When it comes to getting full legal or physical custody of a child in Virginia, a parent must undergo a legal process whereby the courts will determine, through a number of factors, what is in the best interest of the child.

How to Get Full Custody of a Child in Virginia

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Petition for Custody

To begin, a parent must file a Petition for Custody with the Court Services Unit of the Juvenile and Domestic Relations Court to begin the process of getting full custody of a child in Virginia. This Petition is generally filed in the jurisdiction in which the parent and child have resided for at least six consecutive months.

A parent seeking full custody must file a Petition for Custody. This petition will include a number of factors the judge will take into consideration found in the Code of Virginia § 20-124.3. Best interests of the child; visitation.

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File an Affidavit

In addition, the filing for custody is subject to the Uniform Child Custody Jurisdiction and Enforcement Act and requires an affidavit to be filed along with the Petition for Custody. All submitted documents must be signed in the presence of a notary public or court official, or by the retained attorney, and notice of filing must be given to the other parent.

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File a Motion to Amend

If a court order is already in place for custody, the parent is required to file a Motion to Amend or Review Order in the same court that issued the original order for custody. Then the court will schedule an initial hearing during which the judge may order a mandatory mediation, psychological evaluation of both parents, a court-appointed attorney for the child, or a temporary custody order.

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Judge's Decision

If parents cannot reach a custody agreement, the case will go to trial on the motion or petition request, generally one to three months following the initial hearing. This is where the judge will decide final custody after reviewing a long list of factors.

  • ll schedule an initial hearing during which the judge may order a mandatory mediation, psychological evaluation of both parents, a court-appointed attorney for the child, or a temporary custody order.
  • If parents cannot reach a custody agreement, the case will go to trial on the motion or petition request, generally one to three months following the initial hearing. This is where the judge will decide final custody after reviewing a long list of factors.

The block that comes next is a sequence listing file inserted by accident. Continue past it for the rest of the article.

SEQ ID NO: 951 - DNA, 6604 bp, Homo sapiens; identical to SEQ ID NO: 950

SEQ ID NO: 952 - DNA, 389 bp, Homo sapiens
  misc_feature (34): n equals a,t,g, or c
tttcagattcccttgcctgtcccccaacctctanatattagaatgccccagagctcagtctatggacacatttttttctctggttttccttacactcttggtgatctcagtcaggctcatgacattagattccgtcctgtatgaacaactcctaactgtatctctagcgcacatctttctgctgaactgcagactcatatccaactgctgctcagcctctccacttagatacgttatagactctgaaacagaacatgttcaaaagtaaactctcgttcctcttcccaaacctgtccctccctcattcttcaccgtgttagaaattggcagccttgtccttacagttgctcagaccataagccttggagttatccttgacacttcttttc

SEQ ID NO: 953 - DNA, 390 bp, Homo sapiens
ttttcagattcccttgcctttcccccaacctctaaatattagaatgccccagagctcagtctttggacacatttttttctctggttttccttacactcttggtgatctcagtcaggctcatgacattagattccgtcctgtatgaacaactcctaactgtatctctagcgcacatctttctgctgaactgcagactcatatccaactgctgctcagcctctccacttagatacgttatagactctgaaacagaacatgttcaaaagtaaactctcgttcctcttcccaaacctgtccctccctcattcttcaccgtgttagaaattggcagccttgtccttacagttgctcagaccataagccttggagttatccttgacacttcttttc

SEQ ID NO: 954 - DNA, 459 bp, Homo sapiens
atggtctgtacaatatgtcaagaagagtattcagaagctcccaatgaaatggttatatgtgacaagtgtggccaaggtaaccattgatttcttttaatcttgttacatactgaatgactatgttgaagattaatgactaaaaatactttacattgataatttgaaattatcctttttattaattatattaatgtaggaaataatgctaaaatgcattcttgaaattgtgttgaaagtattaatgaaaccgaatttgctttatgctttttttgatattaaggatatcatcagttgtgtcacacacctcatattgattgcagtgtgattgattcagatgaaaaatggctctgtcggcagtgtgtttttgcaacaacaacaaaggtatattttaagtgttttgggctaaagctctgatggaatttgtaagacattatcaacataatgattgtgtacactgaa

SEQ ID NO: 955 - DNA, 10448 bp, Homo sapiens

• If you are awarded sole or full custody of a child in Virginia, the courts may also limit you from relocating to another state, especially if the other parent convinces the court that the move will inhibit visitation.

Full custody, or sole custody, is generally only awarded when one parent presents an overwhelming case in their favor, and it is in the best interest of the child.

In addition to parents, anyone with a “legitimate interest” in the child may also file to get full custody in Virginia. This can include grandparents, stepparents, or other blood relatives or family members, or anyone the court decides has a legitimate interest. Those convicted of sexual conduct with a child may not seek custody, and those with violent crime records may be prevented from obtaining custody.

Related: How to Get Sole Custody of a Child in Virginia 

Joint Custody vs. Sole Custody of a Child

Custody is defined as the parent who has the legal responsibility for taking care of a child younger than 18. Custody can be issued as joint custody or sole custody.

In joint custody, both parents share the responsibility of making the major decisions that affect their child’s life. This includes decisions about medical care, education and religion. In joint legal custody, both parents are responsible for the care and control of the child and make joint decisions, even if the child only lives with one parent. In joint physical custody, the same rights pertain, however, the child lives with each parent for periods of time.

When the court awards a parent sole custody, that parent is responsible for all major daily decisions in that child’s life, and the child will live with that parent. The other parent may have visitation rights unless he or she is deemed unfit and his/her parental rights are terminated.

Contact Pond Law Group in Front Royal, VA

Since getting full custody of a child in Virginia can be a complicated process, we recommend that you engage a family law attorney with experience in Virginia child custody – like Pond Law Group.

If you have questions about seeking full custody, we’ll be glad to answer them.

Get help now.

Get help now. The longer you wait, the more difficult it may be to gather evidence in your case. Call or email our office to schedule a one-on-one consultation with one of our experienced professional attorneys.

      

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